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Does sterilization of food products destroys the toxins & spores?


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#1 pranav

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Posted 14 February 2013 - 12:15 PM

Does sterilization of food products destroys the toxins & spores ?



#2 Mendeljev

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Posted 20 February 2013 - 02:07 PM

No, sterilisation is not destroying all pathogens to zero

For shelf stable products with PH>4,5 the target organism (most heat resistant pathogen) is C botulinum type A with a decimal reduction time of D121°C = 0,21 min

The legally proposed reduction is 12 times D , so 3 minutes at 121°C (=botulinum cook)

So in fact you reduce the population by 12 logs for the target organism, resulting in a state where the probability of survivors must be reduced to very low because of likelihood of outgrowth to high numbers.

They also call this commercial sterile (and this does not mean 0 survivors. If a product has min 3 min at 121°C then it is safe for consumption.

Be carefull : many factors are having an effect on this general rule (pe. pH , the climate of the country where one wants to sell the products, etc ....)


Quality is not an act, it is a habit.(Aristoteles 384 BC-322 BC)

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#3 williamw

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Posted 20 February 2013 - 04:17 PM

Does sterilization of food products destroys the toxins & spores ?


It depends on the toxin, bot toxin would be destroyed by the heat required to produce a commercially sterile product in an a low acid canned food. B. Cereus toxin is heat stable and staph and certain other enterotoxins are are also relatively heat stable so you have to identify the potential toxins and research each individually.

Regarding spores, LACFs are considered to be commercially sterile, which means that the spores that can grow at normal temperatures have been killed (technically reduced my enough log cycles to overcome the potential load), but thermophilic spores may still be present. These will not germinate and grow at normal storage temperatures but may still be present in the product and can grow if the product is held at elevated temperatures.

Unfortunately, as with most questions related to food microbiology, there is not a one size fits all answer to a question like this.

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#4 Charles.C

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Posted 20 February 2013 - 06:26 PM

Dear Mendeljev / williamw,

Nice answers.

It is highly tempting to use positive words like kill, eliminate, destroy to categorise the results of thermal reduction of bacteria but it can also lead to confusion when comparing different thermal treatments.

These 2 links offer some details of the technical aspects of thermal destuction processes -

http://www.fao.org/d...7e/AI407E22.htm
http://www.fao.org/d...8E/R6918E02.HTM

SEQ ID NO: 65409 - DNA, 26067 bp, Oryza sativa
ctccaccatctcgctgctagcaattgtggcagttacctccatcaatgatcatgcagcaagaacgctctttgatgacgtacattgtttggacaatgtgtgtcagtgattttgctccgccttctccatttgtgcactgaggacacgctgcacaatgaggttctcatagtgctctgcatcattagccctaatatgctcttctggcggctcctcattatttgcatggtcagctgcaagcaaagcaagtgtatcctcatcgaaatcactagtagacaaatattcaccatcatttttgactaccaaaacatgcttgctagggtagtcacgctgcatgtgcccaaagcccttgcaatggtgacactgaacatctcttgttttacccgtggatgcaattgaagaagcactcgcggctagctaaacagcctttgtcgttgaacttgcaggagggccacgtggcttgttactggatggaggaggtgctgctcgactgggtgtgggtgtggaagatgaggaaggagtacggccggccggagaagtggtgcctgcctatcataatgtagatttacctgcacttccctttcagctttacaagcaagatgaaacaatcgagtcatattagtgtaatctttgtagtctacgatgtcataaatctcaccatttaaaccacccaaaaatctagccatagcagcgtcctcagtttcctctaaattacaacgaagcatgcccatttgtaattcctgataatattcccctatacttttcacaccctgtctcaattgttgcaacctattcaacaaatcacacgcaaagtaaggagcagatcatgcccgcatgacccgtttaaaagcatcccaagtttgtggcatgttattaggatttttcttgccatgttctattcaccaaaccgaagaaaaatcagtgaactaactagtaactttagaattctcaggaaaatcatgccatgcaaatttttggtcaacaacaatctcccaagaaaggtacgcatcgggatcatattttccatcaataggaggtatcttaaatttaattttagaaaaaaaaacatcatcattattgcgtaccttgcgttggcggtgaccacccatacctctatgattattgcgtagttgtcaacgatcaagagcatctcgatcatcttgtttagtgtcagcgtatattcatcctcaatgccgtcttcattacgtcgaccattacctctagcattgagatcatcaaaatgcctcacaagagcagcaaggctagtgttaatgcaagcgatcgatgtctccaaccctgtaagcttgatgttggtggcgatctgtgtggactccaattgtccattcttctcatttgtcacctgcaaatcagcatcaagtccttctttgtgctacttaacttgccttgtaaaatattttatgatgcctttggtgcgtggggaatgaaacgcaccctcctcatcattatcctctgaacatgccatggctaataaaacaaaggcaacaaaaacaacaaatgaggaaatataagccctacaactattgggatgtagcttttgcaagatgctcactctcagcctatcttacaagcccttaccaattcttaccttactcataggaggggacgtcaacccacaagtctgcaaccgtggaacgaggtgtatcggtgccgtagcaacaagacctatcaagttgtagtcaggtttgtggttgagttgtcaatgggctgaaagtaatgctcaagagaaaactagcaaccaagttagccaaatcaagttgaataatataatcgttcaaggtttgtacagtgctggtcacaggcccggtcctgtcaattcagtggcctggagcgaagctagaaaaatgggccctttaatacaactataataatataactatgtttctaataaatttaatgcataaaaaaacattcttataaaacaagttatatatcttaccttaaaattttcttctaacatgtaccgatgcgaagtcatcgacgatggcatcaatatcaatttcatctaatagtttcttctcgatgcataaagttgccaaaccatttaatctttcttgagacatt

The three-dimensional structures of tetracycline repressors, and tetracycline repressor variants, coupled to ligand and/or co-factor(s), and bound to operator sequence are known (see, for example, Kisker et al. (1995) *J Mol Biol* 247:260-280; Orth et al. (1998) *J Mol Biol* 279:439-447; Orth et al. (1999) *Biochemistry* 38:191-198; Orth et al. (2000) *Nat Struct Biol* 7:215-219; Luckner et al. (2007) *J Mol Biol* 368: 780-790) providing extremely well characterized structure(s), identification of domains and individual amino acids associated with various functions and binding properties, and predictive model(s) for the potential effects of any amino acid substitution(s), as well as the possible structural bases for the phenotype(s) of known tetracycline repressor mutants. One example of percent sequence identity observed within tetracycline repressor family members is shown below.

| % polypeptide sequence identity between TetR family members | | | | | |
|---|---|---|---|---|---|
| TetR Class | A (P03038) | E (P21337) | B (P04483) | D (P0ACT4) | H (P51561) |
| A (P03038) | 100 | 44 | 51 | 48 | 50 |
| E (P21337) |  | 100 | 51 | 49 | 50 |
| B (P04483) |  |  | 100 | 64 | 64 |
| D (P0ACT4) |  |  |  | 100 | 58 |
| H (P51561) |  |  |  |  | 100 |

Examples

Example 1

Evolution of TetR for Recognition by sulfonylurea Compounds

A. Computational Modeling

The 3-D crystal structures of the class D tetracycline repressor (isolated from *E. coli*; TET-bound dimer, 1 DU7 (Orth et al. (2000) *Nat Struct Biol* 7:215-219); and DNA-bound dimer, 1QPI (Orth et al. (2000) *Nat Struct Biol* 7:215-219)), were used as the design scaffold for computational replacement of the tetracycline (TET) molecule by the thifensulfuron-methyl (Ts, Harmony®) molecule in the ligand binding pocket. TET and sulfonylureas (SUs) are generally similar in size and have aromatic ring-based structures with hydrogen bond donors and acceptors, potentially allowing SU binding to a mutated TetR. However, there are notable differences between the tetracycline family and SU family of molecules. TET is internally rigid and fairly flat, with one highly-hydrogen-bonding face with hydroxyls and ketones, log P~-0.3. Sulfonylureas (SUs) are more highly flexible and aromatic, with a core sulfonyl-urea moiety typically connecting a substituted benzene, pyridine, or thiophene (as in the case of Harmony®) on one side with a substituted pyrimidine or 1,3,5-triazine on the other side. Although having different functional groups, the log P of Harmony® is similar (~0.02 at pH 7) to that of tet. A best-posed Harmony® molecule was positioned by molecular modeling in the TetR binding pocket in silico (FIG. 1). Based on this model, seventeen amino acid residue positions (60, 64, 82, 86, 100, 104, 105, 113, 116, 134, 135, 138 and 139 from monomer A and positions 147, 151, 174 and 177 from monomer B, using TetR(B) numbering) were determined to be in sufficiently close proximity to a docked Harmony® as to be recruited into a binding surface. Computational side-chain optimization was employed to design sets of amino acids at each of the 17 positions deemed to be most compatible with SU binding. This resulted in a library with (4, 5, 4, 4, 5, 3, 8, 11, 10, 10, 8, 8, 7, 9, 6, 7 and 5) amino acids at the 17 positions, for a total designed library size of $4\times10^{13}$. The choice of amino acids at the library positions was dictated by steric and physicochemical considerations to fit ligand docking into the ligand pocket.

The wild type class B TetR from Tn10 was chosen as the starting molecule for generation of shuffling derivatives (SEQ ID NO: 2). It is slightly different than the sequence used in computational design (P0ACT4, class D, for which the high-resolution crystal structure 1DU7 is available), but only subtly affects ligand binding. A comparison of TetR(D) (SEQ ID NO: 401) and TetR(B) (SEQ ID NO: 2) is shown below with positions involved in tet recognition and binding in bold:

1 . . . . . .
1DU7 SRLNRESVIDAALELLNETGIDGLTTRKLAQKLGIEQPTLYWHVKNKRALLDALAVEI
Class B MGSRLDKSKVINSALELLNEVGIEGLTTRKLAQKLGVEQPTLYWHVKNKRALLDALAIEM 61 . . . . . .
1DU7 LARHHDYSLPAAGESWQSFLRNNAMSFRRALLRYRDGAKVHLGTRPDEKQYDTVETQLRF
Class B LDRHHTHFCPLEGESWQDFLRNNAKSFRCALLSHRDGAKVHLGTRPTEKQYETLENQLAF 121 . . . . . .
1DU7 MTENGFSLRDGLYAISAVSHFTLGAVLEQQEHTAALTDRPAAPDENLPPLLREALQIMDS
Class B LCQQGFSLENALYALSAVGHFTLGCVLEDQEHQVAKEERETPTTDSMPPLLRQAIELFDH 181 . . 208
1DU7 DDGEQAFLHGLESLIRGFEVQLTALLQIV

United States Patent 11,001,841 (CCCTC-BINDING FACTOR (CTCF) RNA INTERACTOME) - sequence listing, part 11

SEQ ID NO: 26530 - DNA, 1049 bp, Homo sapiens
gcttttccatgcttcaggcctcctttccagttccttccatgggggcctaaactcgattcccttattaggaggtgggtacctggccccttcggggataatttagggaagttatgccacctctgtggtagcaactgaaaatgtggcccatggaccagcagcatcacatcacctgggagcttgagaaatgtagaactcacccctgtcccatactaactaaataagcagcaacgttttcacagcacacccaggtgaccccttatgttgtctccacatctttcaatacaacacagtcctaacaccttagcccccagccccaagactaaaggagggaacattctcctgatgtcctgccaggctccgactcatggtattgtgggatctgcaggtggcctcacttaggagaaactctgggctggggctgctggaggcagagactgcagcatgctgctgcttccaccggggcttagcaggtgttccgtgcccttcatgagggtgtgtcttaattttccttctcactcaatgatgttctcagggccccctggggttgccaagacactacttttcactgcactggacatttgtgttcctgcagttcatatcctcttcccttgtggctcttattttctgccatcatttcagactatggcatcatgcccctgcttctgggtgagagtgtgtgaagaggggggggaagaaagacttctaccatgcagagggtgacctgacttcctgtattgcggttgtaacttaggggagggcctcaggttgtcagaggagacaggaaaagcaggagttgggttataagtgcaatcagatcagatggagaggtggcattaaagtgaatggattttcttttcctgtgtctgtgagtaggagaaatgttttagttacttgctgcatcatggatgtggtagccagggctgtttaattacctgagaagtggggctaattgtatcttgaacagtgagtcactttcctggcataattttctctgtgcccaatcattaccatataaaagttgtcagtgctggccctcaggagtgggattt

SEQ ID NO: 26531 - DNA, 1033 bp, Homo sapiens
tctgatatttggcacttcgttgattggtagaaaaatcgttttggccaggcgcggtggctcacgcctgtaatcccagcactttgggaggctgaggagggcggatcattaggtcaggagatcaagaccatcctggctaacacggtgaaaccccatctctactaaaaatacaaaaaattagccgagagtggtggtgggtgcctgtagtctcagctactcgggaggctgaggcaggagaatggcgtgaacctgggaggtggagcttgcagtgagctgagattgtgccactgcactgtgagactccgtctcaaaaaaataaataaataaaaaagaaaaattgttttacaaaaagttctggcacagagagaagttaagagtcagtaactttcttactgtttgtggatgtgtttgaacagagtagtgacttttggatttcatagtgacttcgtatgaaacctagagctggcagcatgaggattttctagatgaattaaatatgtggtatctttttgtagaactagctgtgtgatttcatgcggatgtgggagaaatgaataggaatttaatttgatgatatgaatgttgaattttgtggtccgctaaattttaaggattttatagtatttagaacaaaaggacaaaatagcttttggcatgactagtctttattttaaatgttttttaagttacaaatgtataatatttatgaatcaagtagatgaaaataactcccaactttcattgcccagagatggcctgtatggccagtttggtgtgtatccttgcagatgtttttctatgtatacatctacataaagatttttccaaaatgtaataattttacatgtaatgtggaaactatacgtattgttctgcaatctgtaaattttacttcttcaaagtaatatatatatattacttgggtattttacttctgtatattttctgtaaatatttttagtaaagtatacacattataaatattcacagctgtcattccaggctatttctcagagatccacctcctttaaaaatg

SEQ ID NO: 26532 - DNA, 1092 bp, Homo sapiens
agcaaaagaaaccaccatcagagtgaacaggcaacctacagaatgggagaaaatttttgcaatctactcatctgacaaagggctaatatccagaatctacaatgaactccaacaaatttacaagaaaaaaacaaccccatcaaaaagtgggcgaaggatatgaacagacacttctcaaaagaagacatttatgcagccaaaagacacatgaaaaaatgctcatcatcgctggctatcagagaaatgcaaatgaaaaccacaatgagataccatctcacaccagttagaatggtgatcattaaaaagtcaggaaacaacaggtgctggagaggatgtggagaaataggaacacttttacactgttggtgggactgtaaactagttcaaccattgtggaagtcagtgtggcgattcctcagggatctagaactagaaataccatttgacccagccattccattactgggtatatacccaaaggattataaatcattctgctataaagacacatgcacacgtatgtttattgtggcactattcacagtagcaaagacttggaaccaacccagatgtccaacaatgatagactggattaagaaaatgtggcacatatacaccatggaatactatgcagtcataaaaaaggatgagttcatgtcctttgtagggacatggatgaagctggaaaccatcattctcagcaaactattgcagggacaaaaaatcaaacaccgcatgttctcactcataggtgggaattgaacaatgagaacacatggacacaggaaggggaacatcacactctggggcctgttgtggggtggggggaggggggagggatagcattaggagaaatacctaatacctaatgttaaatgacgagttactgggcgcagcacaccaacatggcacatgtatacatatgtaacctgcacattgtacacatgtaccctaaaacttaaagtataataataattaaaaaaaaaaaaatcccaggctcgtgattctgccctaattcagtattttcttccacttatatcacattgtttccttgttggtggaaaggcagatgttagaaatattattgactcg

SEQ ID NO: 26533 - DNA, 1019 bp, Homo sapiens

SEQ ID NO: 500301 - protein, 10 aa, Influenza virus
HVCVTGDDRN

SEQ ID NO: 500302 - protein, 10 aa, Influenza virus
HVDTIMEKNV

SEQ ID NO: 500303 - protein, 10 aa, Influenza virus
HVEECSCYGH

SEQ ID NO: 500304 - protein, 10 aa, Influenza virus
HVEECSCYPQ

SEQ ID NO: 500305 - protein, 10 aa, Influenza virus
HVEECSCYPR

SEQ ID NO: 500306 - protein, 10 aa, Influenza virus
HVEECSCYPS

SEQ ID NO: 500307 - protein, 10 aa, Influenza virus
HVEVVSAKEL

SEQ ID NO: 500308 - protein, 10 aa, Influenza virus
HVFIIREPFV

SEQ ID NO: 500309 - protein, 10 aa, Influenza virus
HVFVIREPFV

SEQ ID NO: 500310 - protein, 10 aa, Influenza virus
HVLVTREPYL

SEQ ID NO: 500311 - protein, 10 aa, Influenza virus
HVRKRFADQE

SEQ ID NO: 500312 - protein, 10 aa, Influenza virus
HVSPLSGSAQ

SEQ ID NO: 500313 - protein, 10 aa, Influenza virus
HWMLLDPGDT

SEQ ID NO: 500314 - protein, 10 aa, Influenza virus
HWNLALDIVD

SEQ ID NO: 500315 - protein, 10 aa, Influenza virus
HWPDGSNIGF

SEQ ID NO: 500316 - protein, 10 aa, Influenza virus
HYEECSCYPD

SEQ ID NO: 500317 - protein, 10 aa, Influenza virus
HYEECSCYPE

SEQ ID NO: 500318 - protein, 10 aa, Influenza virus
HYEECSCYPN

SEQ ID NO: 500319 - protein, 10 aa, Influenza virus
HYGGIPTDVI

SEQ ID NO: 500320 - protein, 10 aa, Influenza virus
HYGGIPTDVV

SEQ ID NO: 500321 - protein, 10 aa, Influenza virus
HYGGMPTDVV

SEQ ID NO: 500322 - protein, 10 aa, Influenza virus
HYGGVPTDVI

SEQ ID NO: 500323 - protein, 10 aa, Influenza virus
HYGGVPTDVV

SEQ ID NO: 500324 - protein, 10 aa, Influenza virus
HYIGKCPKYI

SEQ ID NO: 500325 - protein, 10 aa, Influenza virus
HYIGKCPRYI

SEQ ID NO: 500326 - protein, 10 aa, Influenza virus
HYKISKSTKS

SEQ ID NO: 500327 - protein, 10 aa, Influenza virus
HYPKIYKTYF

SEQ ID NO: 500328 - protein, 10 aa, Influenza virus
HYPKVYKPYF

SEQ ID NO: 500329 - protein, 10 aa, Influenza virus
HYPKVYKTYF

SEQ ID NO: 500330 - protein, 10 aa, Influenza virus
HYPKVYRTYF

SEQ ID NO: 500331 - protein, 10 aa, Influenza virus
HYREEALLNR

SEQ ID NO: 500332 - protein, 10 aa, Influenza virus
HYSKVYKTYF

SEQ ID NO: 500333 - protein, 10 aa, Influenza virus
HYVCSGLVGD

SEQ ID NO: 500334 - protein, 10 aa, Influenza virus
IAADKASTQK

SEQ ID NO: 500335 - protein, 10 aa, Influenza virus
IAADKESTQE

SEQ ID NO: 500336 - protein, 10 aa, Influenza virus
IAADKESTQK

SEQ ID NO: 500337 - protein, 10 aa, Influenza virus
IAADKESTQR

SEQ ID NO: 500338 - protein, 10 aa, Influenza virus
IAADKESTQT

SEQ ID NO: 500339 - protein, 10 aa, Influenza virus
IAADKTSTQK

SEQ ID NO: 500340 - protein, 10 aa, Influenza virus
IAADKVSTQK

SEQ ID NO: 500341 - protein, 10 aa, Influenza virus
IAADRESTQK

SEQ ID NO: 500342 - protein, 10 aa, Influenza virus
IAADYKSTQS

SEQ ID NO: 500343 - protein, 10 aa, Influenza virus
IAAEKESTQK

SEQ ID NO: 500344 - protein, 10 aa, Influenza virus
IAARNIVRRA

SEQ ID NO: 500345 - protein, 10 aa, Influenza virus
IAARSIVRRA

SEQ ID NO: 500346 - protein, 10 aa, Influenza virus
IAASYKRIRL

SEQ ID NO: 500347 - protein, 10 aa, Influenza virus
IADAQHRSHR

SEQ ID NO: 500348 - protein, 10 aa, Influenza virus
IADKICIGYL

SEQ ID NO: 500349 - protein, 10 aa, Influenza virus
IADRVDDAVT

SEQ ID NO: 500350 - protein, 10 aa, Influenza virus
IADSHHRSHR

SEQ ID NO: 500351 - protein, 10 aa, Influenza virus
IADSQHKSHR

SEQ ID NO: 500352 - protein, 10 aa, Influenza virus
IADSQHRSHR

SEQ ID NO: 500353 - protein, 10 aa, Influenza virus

As an example of carefully presented material, this is an extract from a FSA risk assessment for C.botulinum in infant foods.

Infant botulism was first recognised in 1976, since when over 1,500 cases have been reported in more than 15 countries. The condition is caused by ingestion of C. botulinum spores which leads to subsequent colonisation and toxin production in the gastrointestinal tract.
Exposure via food may arise through consumption of commercial baby foods which do not receive sufficient heat treatment to destroy all C. botulinum spores. It may also occur via consumption of home made baby foods and other foods not aimed at children, which may contain spores. Opened foods may also become contaminated with spores from the environment, particularly where there is prolonged use.
The safety of baby foods needs to be considered in the context of the processes applied to them and their likely effect on levels of C. botulinum spores in the foods. There are two main heat processes designed to achieve a ‘safe’ reduction in spores of C. botulinum. Proteolytic C. botulinum spores are ‘destroyed’ by a process of 121°C for 3 minutes, the F03 process or ‘botulinum’ cook. This ‘destruction’ process is designed to reduce the level of the spores by 12 log units and foods where this process has been applied are considered to be safe with regard to C. botulinum as the risk of the organism being present is reduced to an acceptable level. Non-proteolytic C. botulinum spores are less heat resistant and are ‘destroyed’ by a process of 90°C for 10 minutes. This process is designed to achieve only a 6 log reduction but, in the context of non-proteolytic C. botulinum and the foods in which it is a hazard, this is considered to reduce the risk of it being present to an acceptable level and foods processed in such a way are considered ‘safe’ (Table 4.2). The principle of a 6 log reduction being considered safe is consistent with the standards applied to foods for the safe reduction of a variety of other foodborne pathogens .


Attached File  FSA, 2006, infant botulism report.pdf   206.07KB   34 downloads

Rgds / Charles.C

Kind Regards,

 

Charles.C


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